The Regulatory Reform (Fire Safety) Order 2005, and the Fire (Scotland) Act 2005 and the associated Fire Safety (Scotland) Regulations 2006 came into effect and replaced over 70 pieces of fire safety law.
​​​​To reduce the risk of a fire occurring and to reduce the damage a fire may cause. It will also reduce the risk of injury or death to your employees / residents / members of the public in the event of a fire. Having a fire risk assessment will reduce the risk of fire on your premises and help reduce the chance of any potential fire affecting an adjacent building. Finally, you need a fire risk assessment because it is a legal requirement to carry out a fire risk assessment. 
In short, anyone who is responsible for a building, for example an employer, owner or occupier of a premises that isn't a single private dwelling (a private home). See our 'who needs a fire risk assessment?' page for further details.
The risk assessment process will reduce the risk of a fire occurring and the damage it could cause, as well as making your workplace a safer place by complying with the Regulations.
The law requires you to carry out a fire risk assessment and following the assessment, implement appropriate fire safety measures to minimise the risk to life.
A fire risk assessment is an inspection of a premises, what it is used for and who might use it, from a fire prevention perspective. The assessment looks at the potential risks and makes recommendations for improving fire safety precautions to keep people accessing the premises safe.
A fire risk assessment report, between 30 and 40 pages, providing significant findings which are easy to understand. The findings are summarized in an executive summary and any major concerns are listed separately. An action plan is provided to assist you in planning the implementation of any measures required. A level of risk is provided and the report satisfies regulatory requirements and is acceptable for insurance purposes.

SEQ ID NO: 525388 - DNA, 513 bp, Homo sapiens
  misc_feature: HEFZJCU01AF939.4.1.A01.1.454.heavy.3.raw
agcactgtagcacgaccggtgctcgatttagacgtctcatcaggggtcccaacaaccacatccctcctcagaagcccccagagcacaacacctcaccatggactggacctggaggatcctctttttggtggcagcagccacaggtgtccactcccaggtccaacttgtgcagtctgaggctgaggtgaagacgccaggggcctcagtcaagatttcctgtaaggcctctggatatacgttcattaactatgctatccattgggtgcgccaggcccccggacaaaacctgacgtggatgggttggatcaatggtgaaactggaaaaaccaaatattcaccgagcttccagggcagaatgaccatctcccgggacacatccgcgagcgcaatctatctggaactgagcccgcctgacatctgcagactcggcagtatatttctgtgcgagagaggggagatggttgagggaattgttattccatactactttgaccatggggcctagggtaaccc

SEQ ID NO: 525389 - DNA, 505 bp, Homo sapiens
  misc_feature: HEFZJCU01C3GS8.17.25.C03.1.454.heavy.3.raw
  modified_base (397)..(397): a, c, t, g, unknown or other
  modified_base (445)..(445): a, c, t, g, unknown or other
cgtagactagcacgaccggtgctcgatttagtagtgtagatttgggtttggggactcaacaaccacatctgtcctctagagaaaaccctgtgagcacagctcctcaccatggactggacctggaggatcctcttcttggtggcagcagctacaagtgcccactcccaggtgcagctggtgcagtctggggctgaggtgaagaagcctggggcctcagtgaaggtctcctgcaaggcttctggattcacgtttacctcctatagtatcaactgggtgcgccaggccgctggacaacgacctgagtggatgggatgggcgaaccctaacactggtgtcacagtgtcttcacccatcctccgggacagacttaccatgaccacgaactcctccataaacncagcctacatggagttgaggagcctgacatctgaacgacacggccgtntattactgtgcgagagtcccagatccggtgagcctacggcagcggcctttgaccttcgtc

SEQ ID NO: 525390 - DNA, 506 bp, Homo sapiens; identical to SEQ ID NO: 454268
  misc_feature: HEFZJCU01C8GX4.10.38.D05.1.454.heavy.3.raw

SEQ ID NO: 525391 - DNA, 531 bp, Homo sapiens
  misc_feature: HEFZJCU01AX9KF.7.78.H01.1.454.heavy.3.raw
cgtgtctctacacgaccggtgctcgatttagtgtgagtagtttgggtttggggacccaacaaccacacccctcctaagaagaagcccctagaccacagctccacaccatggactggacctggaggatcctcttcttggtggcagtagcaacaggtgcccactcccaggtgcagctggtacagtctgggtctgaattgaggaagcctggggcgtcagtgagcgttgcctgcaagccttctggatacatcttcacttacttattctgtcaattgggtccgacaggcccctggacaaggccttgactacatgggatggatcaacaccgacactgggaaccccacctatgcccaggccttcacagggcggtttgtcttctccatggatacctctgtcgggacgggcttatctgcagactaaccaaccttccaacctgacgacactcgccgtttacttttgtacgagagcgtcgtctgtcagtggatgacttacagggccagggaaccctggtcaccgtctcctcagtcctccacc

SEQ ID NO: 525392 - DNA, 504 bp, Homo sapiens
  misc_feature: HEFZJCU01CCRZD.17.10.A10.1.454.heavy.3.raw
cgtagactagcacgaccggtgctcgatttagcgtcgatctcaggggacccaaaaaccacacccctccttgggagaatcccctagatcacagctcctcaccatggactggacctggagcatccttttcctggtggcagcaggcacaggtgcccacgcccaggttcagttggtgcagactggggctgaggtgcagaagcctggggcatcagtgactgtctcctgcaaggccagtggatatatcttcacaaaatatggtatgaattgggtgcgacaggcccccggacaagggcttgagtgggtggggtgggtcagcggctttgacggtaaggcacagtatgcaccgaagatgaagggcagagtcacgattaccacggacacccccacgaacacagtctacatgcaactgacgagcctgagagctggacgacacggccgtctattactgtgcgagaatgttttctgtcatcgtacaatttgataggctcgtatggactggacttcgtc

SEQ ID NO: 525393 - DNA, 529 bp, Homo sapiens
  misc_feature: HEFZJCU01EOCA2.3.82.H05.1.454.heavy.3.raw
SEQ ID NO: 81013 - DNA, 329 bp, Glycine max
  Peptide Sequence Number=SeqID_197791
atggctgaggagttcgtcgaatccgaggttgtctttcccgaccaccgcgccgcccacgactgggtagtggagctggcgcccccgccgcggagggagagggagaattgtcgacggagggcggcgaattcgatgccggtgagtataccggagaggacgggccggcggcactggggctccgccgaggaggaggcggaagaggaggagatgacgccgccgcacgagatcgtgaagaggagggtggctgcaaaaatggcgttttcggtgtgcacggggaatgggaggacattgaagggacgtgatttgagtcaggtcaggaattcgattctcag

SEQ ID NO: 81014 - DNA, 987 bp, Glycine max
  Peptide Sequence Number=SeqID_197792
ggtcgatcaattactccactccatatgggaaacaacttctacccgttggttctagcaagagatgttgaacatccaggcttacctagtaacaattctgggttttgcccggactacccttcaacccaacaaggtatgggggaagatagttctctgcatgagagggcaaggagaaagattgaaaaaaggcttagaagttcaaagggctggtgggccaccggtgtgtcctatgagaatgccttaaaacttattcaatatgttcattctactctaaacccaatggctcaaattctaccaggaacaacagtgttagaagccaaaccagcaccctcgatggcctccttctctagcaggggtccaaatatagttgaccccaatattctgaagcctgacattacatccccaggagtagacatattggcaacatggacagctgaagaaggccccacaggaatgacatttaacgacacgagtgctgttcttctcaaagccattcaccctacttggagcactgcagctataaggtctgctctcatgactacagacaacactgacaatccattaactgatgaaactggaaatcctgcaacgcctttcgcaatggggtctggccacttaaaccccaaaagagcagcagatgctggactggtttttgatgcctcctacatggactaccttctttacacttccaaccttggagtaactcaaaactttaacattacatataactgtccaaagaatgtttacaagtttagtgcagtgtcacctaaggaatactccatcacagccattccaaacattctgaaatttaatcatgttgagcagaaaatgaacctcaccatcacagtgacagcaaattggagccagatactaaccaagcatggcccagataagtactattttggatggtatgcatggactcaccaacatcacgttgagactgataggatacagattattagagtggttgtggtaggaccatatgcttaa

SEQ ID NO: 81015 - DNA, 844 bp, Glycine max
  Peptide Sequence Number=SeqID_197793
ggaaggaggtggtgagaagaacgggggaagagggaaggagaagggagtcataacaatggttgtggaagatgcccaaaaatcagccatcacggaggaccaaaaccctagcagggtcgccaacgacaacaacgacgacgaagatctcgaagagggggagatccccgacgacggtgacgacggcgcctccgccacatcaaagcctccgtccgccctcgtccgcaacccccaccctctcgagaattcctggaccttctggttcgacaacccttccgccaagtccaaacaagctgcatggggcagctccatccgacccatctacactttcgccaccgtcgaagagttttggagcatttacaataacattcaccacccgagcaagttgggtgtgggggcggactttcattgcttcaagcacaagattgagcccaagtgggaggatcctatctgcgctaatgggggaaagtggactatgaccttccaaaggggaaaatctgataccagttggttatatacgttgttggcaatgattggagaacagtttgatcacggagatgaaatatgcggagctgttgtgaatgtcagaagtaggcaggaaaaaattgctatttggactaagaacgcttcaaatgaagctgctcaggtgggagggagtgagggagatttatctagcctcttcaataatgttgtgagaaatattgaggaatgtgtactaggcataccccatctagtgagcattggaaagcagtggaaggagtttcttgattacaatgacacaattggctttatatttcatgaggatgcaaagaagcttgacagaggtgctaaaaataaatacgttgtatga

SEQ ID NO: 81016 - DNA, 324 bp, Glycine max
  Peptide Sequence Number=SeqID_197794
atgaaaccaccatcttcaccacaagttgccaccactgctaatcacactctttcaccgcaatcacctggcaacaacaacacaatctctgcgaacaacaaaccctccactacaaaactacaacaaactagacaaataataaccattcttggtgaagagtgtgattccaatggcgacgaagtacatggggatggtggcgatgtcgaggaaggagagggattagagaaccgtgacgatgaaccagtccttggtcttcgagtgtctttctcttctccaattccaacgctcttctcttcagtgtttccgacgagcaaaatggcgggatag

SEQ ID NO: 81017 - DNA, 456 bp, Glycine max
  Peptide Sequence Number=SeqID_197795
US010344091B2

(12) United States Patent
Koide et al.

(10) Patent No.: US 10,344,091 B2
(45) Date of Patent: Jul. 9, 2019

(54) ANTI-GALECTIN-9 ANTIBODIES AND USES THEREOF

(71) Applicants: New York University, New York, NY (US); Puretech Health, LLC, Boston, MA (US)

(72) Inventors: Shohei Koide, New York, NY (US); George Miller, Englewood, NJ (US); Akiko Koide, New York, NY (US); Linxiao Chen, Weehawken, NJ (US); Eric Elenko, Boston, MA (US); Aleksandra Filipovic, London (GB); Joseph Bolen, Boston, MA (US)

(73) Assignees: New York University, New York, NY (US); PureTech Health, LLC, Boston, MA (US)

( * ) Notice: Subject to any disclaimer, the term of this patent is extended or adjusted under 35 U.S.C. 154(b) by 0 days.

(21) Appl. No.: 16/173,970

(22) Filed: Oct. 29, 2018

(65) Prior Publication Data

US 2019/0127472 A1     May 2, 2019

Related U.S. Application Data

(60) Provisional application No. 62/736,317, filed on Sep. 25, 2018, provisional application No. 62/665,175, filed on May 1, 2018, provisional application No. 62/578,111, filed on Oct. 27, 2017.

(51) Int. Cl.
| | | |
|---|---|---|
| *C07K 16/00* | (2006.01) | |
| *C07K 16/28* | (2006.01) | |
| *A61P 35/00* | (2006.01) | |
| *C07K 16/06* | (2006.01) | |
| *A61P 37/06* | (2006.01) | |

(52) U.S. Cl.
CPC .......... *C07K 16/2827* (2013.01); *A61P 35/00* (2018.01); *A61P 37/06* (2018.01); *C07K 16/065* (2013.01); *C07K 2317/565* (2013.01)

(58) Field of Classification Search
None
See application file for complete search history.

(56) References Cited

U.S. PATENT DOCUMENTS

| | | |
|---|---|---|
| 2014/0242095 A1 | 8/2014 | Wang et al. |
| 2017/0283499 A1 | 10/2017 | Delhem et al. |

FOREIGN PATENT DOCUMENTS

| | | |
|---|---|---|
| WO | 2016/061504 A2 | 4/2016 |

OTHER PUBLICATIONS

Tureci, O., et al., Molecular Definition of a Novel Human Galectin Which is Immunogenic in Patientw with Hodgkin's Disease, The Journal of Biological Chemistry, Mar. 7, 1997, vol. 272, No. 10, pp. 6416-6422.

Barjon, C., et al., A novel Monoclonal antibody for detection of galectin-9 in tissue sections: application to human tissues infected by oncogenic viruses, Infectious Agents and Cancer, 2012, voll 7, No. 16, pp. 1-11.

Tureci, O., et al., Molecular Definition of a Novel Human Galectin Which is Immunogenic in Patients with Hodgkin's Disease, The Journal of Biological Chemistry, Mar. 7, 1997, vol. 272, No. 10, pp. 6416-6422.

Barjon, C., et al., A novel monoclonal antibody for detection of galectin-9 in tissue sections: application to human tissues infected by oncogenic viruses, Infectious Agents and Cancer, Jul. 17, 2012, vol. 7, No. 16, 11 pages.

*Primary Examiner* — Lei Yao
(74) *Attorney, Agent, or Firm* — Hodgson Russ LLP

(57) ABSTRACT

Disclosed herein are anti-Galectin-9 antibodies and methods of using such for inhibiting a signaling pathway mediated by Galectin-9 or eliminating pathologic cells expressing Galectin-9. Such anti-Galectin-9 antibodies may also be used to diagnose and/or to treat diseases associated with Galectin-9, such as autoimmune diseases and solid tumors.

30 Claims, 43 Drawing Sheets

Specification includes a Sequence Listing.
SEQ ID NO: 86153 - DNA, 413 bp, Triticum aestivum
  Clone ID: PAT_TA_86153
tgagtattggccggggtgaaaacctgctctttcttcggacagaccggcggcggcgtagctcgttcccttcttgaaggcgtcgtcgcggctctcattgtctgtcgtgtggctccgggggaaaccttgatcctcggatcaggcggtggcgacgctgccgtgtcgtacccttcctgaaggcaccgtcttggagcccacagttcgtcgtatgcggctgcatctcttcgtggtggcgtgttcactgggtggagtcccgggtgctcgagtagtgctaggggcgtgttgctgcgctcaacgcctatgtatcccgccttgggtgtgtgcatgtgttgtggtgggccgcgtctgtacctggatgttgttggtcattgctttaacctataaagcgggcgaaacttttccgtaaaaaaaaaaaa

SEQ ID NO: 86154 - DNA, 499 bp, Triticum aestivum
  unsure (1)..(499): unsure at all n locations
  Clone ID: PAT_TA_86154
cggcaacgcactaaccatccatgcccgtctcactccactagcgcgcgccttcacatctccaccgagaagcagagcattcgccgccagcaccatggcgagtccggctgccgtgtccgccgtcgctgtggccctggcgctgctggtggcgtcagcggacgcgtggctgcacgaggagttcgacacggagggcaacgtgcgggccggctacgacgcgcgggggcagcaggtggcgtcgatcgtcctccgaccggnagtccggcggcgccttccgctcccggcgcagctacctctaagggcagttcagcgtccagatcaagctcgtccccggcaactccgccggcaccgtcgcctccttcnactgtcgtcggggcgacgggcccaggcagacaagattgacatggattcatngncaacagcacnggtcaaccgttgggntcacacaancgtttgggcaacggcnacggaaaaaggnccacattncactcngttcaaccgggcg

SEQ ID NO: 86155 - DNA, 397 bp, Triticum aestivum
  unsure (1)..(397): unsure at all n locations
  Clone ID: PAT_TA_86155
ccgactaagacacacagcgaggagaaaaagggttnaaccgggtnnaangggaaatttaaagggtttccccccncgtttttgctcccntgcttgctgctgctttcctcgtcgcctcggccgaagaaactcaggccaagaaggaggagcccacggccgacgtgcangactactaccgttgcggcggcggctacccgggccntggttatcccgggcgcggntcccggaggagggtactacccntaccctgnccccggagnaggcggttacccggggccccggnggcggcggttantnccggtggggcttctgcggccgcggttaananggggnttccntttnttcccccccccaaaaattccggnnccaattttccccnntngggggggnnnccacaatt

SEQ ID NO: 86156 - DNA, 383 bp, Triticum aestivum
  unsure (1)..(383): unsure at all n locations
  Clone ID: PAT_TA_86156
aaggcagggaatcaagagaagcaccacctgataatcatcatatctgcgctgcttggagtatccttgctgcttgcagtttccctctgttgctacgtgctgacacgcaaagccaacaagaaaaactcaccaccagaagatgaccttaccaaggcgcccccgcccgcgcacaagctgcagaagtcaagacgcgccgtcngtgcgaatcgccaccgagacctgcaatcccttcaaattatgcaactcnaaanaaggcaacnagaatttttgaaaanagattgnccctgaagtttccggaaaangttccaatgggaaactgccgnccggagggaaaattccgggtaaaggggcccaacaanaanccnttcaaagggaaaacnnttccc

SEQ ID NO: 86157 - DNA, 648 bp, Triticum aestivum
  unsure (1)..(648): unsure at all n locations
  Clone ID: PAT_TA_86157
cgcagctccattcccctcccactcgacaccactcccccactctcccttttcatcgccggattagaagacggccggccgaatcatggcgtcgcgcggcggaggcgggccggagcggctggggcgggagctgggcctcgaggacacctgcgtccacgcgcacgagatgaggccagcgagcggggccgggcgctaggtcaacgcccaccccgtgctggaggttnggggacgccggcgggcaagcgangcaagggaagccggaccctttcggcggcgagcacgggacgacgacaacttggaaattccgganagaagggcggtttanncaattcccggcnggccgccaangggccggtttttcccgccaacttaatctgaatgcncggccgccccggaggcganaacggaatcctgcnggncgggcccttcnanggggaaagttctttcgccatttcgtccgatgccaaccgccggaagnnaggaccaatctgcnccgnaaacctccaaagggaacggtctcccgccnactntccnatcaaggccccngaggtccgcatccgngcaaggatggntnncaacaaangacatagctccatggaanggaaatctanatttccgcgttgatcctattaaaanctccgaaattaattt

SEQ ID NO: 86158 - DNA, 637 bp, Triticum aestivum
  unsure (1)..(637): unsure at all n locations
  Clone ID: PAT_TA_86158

No. The assessment is only one of the fire safety duties that are required to be complied with. However, if a comprehensive assessment is undertaken it will provide a sound starting point to you achieving compliancy.
No, but it is your responsibility to get your  assessment reviewed regularly and continually comply with the rest of the regulations. However, if there are any significant changes made internally within the premises, new equipment installed, change in staff levels or alterations to the premises structurally then it becomes a legal requirement to renew your fire risk assessment.
If on your initial fire risk assessment report there were listed a significant amount of actions to carryout, then i would always add a review date to be carried out in twelve months time.
Probably. They are the enforcing authorities for the Regulations and are required to develop risk-based inspection regimes within their areas. However, they will give you notice.
In cases where a risk exists and it is not being managed, Fire Authorities have a statutory duty to enforce compliance with the Regulations and they may serve a notice on you. In serious cases, penalties of a fine of up to £5000 (for each offence) on summary conviction in a Magistrates Court. Or an unlimited fine, or up to two years imprisonment, or both on conviction or indictment in a Crown Court, can be issued. Fines up to £400,000 and prison sentences have been issued.